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Bijection between Orbit and Stabilizer

  1. Oct 16, 2009 #1
    So I know this is the orbit-stabilizer theorem. I saw it in Hungerford's Algebra (but without that name).

    So we want to form a bijection between the right cosets of the stabilizers and the orbit. Could I define the bijection as this:

    f: gG/Gx--->gx

    Where H=G/Gx

    f(hx)=gx h in H

    ^ Is that what the function is suppose to look like? I'm really stuck on understanding the proof since it doesn't show me this function but it guarantees that it is a bijection. I'm not sure if there is a better way to word this question except, perhaps, what is the function between the right cosets and the orbit.
     
    Last edited: Oct 16, 2009
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  3. Oct 17, 2009 #2

    Fredrik

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    Have a look at theorem 3 on page 5 of this article. Is the function that the author defines in the proof what you're looking for?
     
  4. Oct 17, 2009 #3
    Sort of, but I'm getting kind of thrown off by his notation.

    So the function that is defined is sending f: g*H---->Orb(x) where H=G/Gx.

    Is this just saying that f(gh)=gx or f(g)=gx because H is everything that doesn't move x so its not really worth mentioning.
     
    Last edited: Oct 17, 2009
  5. Oct 17, 2009 #4

    Fredrik

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    He's saying that if [itex]y\in\mathcal O_x[/itex], then there exists [itex]g\in G[/itex] such that [itex]y=gx[/itex]. Then he defines [itex]f(y)=gK_x[/itex], where [itex]K_x[/itex] is the stabilizer subgroup for x. It's not obvious that this f is well-defined, because there could exist a [itex]g'\neq g[/itex] such that [itex]y=gx=g'x[/itex]. To prove that the above actually defines a function, we must prove that [itex]gx=g'x[/itex] implies [itex]gK_x=g'K_x[/itex].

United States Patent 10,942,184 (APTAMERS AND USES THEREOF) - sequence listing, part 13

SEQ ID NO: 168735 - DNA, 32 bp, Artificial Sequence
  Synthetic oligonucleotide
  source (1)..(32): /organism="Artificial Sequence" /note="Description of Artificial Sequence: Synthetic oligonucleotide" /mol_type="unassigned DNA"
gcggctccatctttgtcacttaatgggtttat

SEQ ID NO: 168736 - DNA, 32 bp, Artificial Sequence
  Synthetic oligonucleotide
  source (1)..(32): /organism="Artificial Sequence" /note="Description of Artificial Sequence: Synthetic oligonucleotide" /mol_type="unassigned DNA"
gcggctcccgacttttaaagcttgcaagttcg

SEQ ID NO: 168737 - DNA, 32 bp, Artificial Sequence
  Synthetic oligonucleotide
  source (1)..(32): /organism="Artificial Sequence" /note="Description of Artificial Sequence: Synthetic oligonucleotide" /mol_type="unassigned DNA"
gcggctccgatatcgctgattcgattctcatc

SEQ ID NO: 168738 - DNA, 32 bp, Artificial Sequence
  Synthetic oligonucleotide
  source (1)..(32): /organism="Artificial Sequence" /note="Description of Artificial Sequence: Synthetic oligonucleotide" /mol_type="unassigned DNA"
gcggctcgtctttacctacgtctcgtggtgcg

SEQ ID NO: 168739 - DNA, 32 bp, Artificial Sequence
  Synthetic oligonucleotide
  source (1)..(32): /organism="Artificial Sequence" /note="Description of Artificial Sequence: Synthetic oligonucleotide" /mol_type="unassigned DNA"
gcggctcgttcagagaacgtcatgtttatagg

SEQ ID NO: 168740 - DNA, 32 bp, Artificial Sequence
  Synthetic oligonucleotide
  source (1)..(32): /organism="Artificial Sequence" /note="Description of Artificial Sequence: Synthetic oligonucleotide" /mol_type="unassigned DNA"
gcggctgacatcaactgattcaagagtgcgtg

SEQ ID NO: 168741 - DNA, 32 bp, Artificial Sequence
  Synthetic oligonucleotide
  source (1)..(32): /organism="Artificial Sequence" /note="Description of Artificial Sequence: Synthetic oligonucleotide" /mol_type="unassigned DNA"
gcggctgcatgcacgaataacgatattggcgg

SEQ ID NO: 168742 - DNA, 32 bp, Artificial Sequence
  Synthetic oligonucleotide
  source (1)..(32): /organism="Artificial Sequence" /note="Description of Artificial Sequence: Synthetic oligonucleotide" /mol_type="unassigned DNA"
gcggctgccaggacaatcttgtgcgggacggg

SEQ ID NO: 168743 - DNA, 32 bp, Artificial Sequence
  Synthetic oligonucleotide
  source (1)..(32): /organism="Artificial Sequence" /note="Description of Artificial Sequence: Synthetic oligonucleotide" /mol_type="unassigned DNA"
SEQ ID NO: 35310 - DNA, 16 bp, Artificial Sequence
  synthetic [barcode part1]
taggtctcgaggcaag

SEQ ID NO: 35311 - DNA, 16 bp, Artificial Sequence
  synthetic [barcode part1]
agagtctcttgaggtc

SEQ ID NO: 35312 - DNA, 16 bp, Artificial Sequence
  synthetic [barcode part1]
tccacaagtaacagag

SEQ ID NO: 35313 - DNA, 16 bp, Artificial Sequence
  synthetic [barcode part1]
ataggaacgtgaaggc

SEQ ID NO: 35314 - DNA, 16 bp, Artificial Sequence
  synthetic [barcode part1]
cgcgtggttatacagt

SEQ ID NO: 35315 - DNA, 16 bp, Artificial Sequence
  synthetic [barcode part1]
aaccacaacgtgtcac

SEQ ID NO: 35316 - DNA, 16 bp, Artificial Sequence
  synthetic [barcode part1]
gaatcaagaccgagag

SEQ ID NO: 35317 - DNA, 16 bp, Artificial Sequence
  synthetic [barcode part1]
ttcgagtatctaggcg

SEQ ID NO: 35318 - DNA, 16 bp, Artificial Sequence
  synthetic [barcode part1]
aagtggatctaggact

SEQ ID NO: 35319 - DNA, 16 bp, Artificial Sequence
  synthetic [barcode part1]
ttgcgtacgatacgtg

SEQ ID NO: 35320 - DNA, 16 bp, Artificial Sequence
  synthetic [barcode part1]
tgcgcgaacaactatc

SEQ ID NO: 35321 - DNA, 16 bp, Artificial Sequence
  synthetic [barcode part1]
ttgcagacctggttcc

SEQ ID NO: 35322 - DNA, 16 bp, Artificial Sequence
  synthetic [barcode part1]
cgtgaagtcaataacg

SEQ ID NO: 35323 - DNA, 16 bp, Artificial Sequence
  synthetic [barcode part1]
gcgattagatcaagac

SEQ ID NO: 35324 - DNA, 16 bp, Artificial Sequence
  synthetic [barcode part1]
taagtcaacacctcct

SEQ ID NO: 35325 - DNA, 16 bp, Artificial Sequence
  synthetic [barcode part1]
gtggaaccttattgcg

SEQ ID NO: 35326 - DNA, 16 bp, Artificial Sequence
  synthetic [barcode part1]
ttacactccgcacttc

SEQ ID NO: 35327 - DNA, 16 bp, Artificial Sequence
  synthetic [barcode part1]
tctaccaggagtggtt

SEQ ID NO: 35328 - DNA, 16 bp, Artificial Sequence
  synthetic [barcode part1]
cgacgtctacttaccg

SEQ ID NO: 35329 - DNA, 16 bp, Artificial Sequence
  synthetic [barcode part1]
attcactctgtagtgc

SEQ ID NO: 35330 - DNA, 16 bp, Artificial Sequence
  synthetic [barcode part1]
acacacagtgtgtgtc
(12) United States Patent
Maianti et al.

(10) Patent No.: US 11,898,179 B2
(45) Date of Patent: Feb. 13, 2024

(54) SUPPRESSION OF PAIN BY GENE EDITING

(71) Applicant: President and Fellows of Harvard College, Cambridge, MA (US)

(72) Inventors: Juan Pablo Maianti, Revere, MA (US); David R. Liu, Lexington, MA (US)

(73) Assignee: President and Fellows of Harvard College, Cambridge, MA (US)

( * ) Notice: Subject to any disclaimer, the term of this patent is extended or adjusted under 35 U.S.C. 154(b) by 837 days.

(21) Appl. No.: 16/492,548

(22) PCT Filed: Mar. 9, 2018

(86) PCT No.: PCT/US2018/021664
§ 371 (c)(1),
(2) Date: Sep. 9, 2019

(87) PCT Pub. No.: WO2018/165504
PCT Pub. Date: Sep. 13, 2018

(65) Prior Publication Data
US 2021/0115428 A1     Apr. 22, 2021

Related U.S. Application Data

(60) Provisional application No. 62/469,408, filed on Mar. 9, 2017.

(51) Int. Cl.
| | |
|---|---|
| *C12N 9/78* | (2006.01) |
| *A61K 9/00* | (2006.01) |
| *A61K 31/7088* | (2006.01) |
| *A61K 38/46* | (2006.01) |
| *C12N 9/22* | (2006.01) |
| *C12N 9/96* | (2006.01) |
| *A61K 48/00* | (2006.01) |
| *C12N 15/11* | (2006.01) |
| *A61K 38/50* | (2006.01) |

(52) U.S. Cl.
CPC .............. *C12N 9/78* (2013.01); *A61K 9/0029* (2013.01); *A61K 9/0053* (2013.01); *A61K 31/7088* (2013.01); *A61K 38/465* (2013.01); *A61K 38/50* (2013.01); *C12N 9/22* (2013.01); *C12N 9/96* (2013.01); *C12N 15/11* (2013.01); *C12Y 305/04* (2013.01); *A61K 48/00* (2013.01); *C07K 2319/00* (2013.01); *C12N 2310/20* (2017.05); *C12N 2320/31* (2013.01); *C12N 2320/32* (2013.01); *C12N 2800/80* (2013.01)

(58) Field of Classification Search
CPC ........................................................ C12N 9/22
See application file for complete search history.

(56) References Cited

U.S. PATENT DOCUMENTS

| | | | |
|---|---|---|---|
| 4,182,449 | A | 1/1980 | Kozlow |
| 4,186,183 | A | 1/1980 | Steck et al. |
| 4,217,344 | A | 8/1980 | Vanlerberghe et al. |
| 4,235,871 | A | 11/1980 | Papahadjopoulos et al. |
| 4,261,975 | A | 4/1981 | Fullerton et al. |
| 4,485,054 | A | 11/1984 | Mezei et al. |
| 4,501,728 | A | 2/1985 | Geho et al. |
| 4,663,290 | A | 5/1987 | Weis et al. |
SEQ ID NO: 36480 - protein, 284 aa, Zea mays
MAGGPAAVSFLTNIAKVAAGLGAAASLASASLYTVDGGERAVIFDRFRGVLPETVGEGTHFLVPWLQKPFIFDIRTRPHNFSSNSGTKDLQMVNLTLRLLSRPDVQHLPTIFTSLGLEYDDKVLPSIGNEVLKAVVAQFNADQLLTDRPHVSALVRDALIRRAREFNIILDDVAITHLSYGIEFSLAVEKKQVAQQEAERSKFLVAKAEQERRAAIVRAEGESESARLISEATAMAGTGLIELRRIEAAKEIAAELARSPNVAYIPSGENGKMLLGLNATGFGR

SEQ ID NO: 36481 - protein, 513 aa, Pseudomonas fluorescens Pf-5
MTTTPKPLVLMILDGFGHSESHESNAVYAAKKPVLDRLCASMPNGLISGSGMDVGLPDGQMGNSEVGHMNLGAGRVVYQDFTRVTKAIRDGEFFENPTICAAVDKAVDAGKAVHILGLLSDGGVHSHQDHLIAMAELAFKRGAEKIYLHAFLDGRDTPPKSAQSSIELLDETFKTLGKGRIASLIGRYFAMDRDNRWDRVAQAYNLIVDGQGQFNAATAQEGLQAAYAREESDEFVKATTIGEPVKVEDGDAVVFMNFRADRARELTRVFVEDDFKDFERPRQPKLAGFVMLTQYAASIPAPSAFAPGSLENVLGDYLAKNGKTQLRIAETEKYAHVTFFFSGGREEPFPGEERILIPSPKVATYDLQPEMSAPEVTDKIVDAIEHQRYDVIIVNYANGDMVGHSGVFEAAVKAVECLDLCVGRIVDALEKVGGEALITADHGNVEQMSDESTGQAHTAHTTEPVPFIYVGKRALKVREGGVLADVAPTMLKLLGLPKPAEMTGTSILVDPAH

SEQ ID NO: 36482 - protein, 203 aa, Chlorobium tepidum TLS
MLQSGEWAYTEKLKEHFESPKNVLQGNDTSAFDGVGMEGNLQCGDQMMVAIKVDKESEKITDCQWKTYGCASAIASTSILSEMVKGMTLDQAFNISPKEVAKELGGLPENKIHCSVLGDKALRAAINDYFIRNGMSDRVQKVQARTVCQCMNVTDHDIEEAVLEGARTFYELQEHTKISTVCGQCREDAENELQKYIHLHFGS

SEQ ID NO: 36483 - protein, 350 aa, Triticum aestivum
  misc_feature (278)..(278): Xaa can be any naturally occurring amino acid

Here's the proof: Suppose that [itex]z\in gK_x[/itex]. Then there's a [itex]k\in K_x[/itex] such that [itex]z=gk=g'g'^{-1}gk[/itex]. This is a member of [itex]g'K_x[/itex] if [itex]g'^{-1}gk\in K_x[/itex], and it's not hard to see that it is:

    [tex]g'^{-1}gkx=g'^{-1}gx=g'^{-1}g'x=x[/tex]

    This proves that [itex]gK_x\subset g'K_x[/itex], and we can of course repeat the argument with g and g' swapped.

    So f is a well-defined function from the orbit [itex]\mathcal O_x[/itex] into the set of right cosets [itex]G/K_x[/itex]. The equation that defines f can also be written as [itex]f(gx)=gK_x[/itex].
     
    Last edited: Oct 17, 2009
  6. Oct 17, 2009 #5
    The very last function you defined is from the orbit to the stabilizer (I know its a bijection but I just want to make sure).
     
  7. Oct 17, 2009 #6

    Fredrik

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    No, [itex]gK_x=\{gk|k\in K_x\}[/itex] is a right coset, so

    [tex]f:\mathcal O_x\rightarrow G/K_x[/tex]​

    if we use the notation [itex]G/K_x[/itex] for the set of right cosets.
     
  8. Oct 18, 2009 #7
    Great, it all makes sense. However, how does this bijection prove that O*Gx:K=G. To me it just proves they are equal, but that can't always be the case.
     
  9. Oct 20, 2009 #8

    Fredrik

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    The theorem says that the action restricted to [itex]\matcal O_x[/itex] is equivalent (in a technical sense) to the canonical action on [itex]G/K_x[/itex]. This splits the problem of understanding a group action into two pieces: 1. Find the orbits. 2. Study the action on [itex]G/K_x[/itex], for each different [itex]K_x[/itex].
     
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